Ball v. Ball (CA1 12/10/20)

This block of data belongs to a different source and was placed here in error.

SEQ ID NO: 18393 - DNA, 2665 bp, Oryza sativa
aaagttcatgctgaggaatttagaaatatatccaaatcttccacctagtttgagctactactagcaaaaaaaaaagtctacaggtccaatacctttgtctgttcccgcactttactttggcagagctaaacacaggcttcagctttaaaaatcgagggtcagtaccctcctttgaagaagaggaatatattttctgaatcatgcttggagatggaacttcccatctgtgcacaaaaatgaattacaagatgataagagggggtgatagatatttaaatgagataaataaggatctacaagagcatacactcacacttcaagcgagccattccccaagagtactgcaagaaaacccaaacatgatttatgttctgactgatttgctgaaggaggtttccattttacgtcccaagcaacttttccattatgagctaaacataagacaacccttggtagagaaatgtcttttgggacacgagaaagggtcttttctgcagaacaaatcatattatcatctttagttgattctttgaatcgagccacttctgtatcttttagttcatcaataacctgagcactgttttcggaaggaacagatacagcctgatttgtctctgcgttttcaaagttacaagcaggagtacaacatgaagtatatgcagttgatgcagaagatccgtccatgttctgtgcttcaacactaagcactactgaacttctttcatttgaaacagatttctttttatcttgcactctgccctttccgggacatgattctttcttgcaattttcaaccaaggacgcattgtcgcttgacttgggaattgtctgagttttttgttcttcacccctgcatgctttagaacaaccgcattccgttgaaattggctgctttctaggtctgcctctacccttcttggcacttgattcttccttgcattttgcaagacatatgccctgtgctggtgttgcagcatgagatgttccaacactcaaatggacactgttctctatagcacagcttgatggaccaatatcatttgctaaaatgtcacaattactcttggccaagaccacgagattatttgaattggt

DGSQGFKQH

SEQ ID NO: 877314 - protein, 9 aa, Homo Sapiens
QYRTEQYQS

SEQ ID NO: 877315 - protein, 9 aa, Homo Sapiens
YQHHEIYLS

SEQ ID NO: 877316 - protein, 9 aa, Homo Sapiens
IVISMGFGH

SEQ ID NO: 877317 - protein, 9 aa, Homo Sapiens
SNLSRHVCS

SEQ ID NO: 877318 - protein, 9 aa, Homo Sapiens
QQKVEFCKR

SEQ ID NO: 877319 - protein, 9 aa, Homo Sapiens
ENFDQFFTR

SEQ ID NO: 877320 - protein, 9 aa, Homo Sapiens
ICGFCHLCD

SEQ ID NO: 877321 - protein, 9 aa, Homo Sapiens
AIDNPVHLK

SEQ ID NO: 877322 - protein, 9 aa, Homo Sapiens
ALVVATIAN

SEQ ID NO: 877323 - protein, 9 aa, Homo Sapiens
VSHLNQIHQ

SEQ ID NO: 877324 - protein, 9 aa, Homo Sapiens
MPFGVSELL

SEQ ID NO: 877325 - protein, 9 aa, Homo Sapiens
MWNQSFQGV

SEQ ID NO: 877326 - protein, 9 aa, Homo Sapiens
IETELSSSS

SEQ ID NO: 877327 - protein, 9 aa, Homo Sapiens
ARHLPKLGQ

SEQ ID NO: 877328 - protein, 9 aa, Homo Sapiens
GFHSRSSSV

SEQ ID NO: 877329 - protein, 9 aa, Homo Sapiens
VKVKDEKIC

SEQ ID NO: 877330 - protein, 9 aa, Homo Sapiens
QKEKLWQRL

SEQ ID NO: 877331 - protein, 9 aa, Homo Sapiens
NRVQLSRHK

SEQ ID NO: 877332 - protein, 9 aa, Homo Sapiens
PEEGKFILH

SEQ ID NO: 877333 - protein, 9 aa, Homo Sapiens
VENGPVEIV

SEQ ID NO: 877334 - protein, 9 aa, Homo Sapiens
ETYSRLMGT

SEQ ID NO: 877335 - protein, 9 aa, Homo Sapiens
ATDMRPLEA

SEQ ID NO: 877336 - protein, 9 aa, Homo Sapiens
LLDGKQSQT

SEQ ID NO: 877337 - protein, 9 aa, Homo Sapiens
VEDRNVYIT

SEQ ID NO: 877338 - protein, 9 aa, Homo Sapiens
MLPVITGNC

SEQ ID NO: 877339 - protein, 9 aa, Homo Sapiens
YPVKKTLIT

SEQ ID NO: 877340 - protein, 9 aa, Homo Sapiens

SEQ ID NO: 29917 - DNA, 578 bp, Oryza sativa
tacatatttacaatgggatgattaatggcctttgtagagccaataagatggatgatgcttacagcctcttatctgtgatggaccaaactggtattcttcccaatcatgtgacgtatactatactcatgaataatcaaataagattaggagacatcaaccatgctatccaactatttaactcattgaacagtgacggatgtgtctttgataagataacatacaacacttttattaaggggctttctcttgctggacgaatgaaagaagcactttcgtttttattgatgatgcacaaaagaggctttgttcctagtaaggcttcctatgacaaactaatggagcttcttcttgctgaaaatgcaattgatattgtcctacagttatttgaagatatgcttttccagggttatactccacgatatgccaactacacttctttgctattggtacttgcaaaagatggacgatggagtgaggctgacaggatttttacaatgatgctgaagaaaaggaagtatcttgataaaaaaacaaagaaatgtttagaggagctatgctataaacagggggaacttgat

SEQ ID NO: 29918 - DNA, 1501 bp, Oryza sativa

Unlike the previous post, this case actually addresses the ecclesiastical abstention doctrine. Parents divorce and have a parenting plan. The plan is set forth on a court-provided form and includes a box as to religious education. Two boxes were checked: the first box states, “Each parent may take the minor children to a church of place of worship of his or her choice while the minor children are in his or her care.” The second box states, “Both parents agree the minor children may be instructed in the ____ faith.” The blank is handwritten with the word “Christian.” Father later joins The Church of Jesus Christ of Latter-day Saints. He takes his children to church and mother objects. The superior court judge conducts an evidentiary hearing and considers testimony from a youth ministry leader who testified that the father’s church is not Christian. After considering this and other evidence, the trial court agrees. The court of appeals reverses. First, the first box unambiguously states that either parent may take the children to any place of worship. Second, the use of the word “may” indicates permissive intent, and it allows for instruction in the Christian faith but does not require it. The court of appeals could end it there, but we would be left wondering what the trial judge was thinking in conducting an evidentiary hearing on religious belief. The court of appeals continues and answers this by holding the trial court violated the First Amendment when it ruled father’s church is not Christian or part of the Christian Faith. The First Amendment prohibits the exact inquiry made by the trial court. One would expect an evidentiary hearing on Christian beliefs is so far out-of-bounds a trial court would have paused before it “dove into an ecclesiastical matter.” The trial court exercised an authority and a competency it is constitutionally barred from asserting. Perhaps following a fill-in-the-blank kiosk form invited such an intrusion. The court of appeals reminds litigants that courts will enforce specific agreements, but courts may not construe agreements that compel religious inquiry. Poorly drafted agreements as to religious upbringing of children are not enforceable. “The ambiguities surrounding the phrase ‘the Christian faith’ thrust the court directly into a matter of theological controversy in which it could not take part.”

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